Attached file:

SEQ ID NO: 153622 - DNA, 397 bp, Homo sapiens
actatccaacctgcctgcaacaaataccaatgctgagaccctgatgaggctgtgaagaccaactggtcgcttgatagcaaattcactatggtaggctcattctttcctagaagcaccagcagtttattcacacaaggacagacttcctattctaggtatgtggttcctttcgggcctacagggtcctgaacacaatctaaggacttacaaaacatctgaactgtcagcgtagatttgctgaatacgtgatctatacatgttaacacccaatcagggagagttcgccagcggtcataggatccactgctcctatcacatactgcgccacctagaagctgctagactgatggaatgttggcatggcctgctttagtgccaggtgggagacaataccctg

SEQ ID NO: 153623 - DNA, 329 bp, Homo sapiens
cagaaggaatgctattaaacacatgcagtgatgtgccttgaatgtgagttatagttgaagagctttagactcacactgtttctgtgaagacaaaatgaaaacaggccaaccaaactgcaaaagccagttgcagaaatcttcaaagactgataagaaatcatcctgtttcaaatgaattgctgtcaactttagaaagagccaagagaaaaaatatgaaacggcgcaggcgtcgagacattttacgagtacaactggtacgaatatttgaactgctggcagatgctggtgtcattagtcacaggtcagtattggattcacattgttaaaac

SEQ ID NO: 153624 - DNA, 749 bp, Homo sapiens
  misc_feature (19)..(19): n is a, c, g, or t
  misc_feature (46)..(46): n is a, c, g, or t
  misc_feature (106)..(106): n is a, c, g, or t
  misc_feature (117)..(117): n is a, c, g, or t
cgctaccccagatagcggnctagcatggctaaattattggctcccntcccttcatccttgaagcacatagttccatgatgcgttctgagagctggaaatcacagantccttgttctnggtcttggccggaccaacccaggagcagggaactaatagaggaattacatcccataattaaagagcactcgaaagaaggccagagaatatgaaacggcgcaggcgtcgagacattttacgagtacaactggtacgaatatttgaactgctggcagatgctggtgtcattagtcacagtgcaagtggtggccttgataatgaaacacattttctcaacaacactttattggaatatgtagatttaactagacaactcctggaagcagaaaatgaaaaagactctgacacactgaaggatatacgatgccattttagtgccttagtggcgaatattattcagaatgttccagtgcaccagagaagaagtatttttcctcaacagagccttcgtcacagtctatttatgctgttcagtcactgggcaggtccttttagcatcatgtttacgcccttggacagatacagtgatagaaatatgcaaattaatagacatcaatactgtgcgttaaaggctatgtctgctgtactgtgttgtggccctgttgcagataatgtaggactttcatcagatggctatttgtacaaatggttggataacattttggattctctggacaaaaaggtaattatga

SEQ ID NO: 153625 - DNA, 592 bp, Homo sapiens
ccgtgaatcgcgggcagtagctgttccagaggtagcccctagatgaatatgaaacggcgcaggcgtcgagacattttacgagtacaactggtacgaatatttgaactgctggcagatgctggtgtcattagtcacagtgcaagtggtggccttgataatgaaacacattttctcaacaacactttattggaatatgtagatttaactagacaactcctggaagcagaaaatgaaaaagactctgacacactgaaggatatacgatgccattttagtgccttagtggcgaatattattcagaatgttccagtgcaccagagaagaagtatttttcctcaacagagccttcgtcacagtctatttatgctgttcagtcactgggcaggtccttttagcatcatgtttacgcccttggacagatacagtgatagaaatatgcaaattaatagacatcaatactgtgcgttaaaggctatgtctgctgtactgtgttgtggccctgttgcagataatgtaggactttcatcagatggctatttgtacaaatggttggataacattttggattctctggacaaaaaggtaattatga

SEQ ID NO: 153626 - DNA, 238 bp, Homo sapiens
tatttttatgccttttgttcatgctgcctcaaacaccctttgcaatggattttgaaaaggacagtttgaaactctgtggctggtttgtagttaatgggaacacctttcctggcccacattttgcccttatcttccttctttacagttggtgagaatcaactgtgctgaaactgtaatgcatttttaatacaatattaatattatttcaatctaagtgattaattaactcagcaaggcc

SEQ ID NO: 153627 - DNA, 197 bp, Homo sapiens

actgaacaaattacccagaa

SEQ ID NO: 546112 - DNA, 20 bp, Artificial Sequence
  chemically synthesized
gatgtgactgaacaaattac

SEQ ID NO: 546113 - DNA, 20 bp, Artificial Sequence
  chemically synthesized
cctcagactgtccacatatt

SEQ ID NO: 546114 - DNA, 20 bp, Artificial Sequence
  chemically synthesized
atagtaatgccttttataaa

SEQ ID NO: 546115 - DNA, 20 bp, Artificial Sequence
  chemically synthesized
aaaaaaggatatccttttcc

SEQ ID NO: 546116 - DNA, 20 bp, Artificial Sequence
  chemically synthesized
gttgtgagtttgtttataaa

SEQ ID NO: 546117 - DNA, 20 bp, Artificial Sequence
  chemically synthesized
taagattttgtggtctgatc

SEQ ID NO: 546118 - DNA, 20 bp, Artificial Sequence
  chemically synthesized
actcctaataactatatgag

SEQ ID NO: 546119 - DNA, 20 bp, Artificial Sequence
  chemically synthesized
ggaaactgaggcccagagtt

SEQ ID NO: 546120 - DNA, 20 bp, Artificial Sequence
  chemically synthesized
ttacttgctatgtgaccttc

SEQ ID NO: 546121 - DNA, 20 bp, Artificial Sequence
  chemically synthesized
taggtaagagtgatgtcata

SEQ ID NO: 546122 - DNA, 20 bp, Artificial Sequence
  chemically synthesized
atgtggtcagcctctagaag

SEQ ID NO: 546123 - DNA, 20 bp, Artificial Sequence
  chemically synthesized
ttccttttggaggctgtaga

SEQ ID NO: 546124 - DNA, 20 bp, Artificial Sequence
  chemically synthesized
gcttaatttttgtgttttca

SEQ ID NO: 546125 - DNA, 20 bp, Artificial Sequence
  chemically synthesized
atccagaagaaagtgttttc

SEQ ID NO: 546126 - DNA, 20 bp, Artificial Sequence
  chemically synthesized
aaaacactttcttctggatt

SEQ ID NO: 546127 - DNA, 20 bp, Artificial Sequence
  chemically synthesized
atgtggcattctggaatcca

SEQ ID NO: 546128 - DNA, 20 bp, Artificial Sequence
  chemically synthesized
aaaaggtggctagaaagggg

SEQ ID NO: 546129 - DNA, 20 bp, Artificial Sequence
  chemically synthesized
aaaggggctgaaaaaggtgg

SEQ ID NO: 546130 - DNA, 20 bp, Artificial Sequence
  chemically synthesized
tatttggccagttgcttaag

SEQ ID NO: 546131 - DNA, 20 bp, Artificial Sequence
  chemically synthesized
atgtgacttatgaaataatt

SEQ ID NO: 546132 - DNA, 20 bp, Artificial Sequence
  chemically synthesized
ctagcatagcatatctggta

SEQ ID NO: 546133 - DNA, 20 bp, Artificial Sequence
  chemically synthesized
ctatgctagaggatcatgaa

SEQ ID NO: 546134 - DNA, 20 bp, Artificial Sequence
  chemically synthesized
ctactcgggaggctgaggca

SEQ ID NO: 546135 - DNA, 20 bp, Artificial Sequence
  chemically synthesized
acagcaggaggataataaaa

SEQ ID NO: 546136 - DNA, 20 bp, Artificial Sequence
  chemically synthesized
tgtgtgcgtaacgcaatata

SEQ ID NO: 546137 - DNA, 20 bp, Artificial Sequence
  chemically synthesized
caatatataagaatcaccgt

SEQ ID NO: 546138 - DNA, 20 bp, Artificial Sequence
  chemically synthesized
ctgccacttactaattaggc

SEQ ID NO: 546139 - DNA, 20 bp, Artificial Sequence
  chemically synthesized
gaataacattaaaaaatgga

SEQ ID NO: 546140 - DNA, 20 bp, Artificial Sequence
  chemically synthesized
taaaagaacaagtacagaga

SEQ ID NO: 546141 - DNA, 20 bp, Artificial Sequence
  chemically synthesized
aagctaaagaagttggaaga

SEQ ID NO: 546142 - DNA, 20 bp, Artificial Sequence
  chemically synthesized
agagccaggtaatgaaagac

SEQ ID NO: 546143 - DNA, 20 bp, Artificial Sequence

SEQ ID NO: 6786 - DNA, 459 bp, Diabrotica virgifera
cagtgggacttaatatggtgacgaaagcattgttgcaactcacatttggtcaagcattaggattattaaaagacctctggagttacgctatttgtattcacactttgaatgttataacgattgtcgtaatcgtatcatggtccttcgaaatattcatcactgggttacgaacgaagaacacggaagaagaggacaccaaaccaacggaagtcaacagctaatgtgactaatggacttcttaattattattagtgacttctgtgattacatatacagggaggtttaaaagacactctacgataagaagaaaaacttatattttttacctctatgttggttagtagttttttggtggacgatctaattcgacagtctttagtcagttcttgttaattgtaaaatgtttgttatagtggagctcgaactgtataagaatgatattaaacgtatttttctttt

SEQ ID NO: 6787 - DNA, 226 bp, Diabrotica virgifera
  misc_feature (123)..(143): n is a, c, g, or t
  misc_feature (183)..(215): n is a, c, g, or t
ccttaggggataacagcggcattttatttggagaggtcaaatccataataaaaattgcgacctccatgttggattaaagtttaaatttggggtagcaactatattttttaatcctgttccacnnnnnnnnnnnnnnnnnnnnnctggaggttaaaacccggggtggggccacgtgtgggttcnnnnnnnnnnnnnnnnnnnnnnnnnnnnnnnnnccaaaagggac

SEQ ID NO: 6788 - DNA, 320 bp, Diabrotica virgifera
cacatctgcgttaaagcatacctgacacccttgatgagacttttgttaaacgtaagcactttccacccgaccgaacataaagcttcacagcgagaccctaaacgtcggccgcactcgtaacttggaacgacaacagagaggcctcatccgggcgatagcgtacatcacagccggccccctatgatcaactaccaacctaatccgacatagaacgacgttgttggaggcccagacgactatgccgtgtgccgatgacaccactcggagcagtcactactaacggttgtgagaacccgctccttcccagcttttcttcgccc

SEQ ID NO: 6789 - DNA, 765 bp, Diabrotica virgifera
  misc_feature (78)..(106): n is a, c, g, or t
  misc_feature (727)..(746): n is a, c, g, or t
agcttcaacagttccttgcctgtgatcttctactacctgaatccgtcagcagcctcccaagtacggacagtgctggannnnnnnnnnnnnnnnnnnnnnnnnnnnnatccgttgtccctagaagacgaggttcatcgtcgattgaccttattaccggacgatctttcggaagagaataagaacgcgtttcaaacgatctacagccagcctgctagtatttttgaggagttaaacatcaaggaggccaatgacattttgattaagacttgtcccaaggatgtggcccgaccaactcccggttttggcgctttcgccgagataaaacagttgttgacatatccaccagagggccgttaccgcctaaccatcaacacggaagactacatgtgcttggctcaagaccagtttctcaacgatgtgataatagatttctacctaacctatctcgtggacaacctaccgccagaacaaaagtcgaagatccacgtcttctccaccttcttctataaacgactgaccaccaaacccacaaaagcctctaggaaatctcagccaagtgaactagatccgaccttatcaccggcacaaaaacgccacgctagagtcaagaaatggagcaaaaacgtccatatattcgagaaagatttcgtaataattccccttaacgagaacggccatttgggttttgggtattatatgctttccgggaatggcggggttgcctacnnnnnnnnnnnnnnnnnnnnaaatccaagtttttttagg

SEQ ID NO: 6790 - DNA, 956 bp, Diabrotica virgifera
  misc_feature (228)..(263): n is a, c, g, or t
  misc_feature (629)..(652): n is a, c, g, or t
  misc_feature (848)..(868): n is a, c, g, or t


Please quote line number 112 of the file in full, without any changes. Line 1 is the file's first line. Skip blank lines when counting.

cagtgggacttaatatggtgacgaaagcattgttgcaactcacatttggtcaagcattaggattattaaaagacctctggagttacgctatttgtattcacactttgaatgttataacgattgtcgtaatcgtatcatggtccttcgaaatattcatcactgggttacgaacgaagaacacggaagaagaggacaccaaaccaacggaagtcaacagctaatgtgactaatggacttcttaattattattagtgacttctgtgattacatatacagggaggtttaaaagacactctacgataagaagaaaaacttatattttttacctctatgttggttagtagttttttggtggacgatctaattcgacagtctttagtcagttcttgttaattgtaaaatgtttgttatagtggagctcgaactgtataagaatgatattaaacgtatttttctttt